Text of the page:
Pantothenate Kinase-Associated Neurodegeneration

Clinical Characteristics
Ocular Features: 

Clinically evident retinal degeneration is present in a significant number (25-50%) of individuals.  However, when combined with ERG evidence the proportion rises to 68%.  When present it occurs early and one series reported that it is unlikely to appear later if it was not present early in the course of the neurodegeneration.  Some patients have a fleck-like retinopathy.  Optic atrophy may be present in advanced cases.

Systemic Features: 

This is a disorder primarily of the basal ganglia resulting from progressive damage secondary to iron accumulation.  There is an early onset classic form with symptoms of extrapyramidal disease beginning in the first decade of life and rapid progression to loss of ambulation in about 15 years.  Others with atypical disease may not have symptoms until the second or third decades.  Clumsiness, gait disturbance, and difficulty with tasks requiring fine motor coordination are common presenting symptoms.  Motor tics are often seen.  Dysarthria, dystonia, rigidity and corticospinal signs are often present early as well.  Swallowing difficulties may be severe sometimes leading to malnutrition.  Cognitive decline and psychiatric disturbances such as obsessive-compulsive behavior and depression may follow.  Independent ambulation is lost in the majority of patients within one to two decades.    Brain MRIs show an ‘eye of the tiger’ sign with a specific T2- weighted pattern of hyperintensity within the medial globus pallidus and the substantia nigra pars reticulata.


Iron accumulation in the basal ganglia resulting from homozygous mutations in the PANK2 gene (20p13-12.3) encoding a pantothenate kinase leads to the classic form of this autosomal recessive disorder.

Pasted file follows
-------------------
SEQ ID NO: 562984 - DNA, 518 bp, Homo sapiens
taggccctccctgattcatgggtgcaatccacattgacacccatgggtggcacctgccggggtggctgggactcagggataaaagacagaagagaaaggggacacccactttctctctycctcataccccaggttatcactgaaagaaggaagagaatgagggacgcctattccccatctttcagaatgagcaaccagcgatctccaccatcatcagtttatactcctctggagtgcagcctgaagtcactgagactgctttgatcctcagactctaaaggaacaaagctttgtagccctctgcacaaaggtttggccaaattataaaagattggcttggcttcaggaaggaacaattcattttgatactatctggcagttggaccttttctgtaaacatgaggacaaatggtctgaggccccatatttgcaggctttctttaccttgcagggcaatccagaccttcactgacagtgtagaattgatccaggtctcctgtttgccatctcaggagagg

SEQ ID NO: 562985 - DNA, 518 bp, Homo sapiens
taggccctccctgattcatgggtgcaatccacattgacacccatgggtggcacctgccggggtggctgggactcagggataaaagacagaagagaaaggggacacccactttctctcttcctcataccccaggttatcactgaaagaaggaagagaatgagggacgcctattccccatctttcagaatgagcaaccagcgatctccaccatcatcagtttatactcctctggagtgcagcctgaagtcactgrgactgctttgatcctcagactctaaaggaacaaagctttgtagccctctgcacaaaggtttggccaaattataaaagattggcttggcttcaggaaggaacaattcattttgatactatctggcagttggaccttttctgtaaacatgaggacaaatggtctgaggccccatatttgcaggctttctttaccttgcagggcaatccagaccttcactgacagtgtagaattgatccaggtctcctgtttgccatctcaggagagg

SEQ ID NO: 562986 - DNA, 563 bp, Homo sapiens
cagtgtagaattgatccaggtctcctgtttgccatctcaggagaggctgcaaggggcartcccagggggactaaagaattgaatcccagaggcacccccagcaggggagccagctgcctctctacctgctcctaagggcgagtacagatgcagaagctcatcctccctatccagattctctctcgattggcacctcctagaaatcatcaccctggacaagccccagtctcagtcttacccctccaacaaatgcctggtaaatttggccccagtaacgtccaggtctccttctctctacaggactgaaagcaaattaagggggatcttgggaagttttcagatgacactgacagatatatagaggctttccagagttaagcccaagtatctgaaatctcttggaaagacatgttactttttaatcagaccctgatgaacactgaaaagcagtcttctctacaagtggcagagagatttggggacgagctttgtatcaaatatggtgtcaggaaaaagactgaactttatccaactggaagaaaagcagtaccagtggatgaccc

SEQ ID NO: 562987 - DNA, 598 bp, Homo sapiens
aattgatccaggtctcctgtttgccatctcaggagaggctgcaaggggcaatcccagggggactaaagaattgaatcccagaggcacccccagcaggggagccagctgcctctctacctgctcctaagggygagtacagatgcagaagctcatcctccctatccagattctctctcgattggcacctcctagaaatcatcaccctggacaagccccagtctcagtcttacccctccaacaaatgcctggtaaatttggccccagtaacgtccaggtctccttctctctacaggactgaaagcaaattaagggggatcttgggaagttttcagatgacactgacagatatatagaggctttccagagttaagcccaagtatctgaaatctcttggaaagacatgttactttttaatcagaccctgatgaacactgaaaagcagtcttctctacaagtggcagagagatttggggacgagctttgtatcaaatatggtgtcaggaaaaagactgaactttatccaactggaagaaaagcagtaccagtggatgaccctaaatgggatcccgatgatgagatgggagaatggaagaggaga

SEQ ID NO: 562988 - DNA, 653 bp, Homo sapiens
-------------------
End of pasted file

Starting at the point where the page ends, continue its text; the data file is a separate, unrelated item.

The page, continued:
This is the most common of several diseases of neurodegeneration with iron accumulation in the brain known collectively as NBIAs.  The group is genetically heterogeneous with many overlapping features.  Mutations in PLA2G6 cause NBIA2A (256600) and NBIA2B (610217) while mutations in a FLT gene cause NBIA3 (606159). The latter does not have apparent eye signs.

Treatment Options: 

Pharmacologic treatment is aimed at alleviation of specific symptoms such as dystonia and spasticity.  Some symptoms may improve with deep brain stimulation.

Article Title: 


Gregory A, Polster BJ, Hayflick SJ. Clinical and genetic delineation of neurodegeneration with brain iron accumulation. J Med Genet. 2009 Feb;46(2):73-80. Review.

PubMedID: 18981035

Pellecchia MT, Valente EM, Cif L, Salvi S, Albanese A, Scarano V, Bonuccelli U, Bentivoglio AR, D'Amico A, Marelli C, Di Giorgio A, Coubes P, Barone P, Dallapiccola B. The diverse phenotype and genotype of pantothenate kinase-associated neurodegeneration. Neurology. 2005 May 24;64(10):1810-2.

PubMedID: 15911822

Hayflick SJ, Westaway SK, Levinson B, Zhou B, Johnson MA, Ching KH, Gitschier J. Genetic, clinical, and radiographic delineation of Hallervorden-Spatz syndrome. N Engl J Med. 2003 Jan 2;348(1):33-40.

PubMedID: 12510040